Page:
Another alum, Bruce Bethards, ’87, is director of market planning for coffee giant Starbucks. He talked with students about sustainable coffee growing and how to improve coffee-growing conditions at high-altitude small farms in East Africa, Indonesia, and Central and South America.
Lincoln said connecting with alumni in the region, especially with those who are deeply involved in sustainability and the environment, resonates with the students.
“It makes them realize that those jobs are more accessible to them, and that’s enormously powerful,” he said.
Among other stops for the group was an eye-opening trip to the Brightwater Sewage Treatment Plant, a state-of-the-art facility north of Seattle that uses special filters and deep wastewater tunnels to alleviate the odors normally associated with sewage treatment plants. Indeed, the facility—which also features a 40-acre wildlife habitat and a small art gallery—also intrigued Lincoln for another reason.
“When I heard about a sewage treatment plant that also hosted weddings, I had to see that,” he said.
The group also visited the Bullitt Center in Seattle, tabbed as the most sustainable office building in the world. It features solar panels, composting toilets, rainwater retention ponds, a geothermal heating system and more.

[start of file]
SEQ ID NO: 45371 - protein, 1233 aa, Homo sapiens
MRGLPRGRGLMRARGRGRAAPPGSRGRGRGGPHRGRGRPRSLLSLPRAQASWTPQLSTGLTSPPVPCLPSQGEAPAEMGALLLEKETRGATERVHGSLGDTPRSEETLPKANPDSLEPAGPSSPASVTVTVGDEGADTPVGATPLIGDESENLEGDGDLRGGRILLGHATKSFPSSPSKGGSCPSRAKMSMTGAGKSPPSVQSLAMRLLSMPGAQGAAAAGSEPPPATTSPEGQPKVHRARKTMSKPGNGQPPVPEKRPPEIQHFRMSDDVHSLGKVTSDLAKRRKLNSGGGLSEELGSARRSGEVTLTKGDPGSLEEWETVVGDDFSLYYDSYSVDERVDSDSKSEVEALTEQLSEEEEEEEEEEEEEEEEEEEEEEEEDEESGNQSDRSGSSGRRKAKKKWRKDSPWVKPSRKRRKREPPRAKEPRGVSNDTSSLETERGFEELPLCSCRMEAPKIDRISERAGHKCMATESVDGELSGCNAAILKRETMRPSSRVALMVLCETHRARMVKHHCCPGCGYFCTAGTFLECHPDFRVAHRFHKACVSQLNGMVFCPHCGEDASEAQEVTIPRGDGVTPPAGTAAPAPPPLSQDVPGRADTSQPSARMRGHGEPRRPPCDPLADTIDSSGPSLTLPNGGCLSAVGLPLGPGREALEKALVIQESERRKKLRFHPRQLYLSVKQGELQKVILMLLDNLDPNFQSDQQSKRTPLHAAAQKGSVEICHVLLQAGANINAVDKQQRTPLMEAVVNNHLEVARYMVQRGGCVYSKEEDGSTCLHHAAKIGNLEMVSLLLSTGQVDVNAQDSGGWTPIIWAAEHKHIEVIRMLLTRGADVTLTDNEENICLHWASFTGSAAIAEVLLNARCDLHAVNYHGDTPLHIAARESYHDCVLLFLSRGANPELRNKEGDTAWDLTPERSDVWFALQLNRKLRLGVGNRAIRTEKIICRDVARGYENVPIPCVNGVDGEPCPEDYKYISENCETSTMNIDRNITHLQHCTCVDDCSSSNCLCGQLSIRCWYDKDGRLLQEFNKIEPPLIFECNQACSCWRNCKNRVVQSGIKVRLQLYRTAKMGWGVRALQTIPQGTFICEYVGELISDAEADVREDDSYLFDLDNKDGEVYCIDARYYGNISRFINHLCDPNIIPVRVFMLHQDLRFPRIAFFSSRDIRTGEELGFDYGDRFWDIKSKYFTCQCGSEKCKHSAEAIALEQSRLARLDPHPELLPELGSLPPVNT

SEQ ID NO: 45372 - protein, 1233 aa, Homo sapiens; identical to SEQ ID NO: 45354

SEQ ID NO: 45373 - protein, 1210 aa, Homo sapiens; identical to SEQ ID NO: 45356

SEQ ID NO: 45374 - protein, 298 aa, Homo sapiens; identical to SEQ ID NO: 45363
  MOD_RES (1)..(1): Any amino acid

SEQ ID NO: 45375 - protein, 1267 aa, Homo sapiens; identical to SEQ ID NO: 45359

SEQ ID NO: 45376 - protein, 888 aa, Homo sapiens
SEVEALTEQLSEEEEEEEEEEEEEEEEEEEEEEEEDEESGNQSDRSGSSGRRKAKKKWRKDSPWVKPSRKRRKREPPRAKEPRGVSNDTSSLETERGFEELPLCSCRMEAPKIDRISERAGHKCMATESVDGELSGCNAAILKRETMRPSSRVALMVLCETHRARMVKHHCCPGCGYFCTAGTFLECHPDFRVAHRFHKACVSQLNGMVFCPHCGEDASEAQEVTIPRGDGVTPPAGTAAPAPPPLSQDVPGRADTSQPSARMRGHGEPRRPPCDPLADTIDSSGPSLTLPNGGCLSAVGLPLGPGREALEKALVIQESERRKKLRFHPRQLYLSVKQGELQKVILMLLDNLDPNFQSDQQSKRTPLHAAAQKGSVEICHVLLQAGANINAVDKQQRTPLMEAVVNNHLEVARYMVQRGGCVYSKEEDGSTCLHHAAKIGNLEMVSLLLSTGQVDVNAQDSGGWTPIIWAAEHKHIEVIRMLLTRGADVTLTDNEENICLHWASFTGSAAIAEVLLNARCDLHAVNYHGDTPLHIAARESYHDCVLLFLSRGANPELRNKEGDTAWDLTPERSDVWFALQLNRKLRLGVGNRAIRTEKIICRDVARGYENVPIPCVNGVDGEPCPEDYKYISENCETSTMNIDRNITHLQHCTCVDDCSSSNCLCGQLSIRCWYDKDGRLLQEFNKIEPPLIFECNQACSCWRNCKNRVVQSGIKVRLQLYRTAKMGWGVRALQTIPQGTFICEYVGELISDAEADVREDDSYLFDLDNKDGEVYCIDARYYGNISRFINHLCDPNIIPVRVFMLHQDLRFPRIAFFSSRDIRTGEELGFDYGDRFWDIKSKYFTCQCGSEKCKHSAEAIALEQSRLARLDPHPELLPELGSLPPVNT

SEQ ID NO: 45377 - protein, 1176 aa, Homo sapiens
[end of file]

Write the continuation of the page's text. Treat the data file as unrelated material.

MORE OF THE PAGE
“They utilize composting toilets, which on the surface sounds kind of gross,” Dussel said. “But their system was very good. They reduced water usage by 95 percent just by going to compost.”
The group also visited the Department of Energy National Labs in the region and heard about work on producing uranium from seawater, oil from algae and other projects that at one time might have sounded like something in a science-fiction novel but are now reality.
“You see really smart people doing things you never thought were imaginable,” Lincoln said.
And while Lincoln is cautiously optimistic about efforts to improve the environment, Dussel, a Cassopolis, Michigan, native who has been interested in environmental work for years, is even more hopeful.
“What keeps me optimistic is that the markets are starting to favor these things,” he said. “The Bullitt Center is showing that some upfront costs have long-term savings. The markets are also starting to favor greener energy for more jobs. It seems to me there’s a huge tide coming in—it’s more like a tsunami.”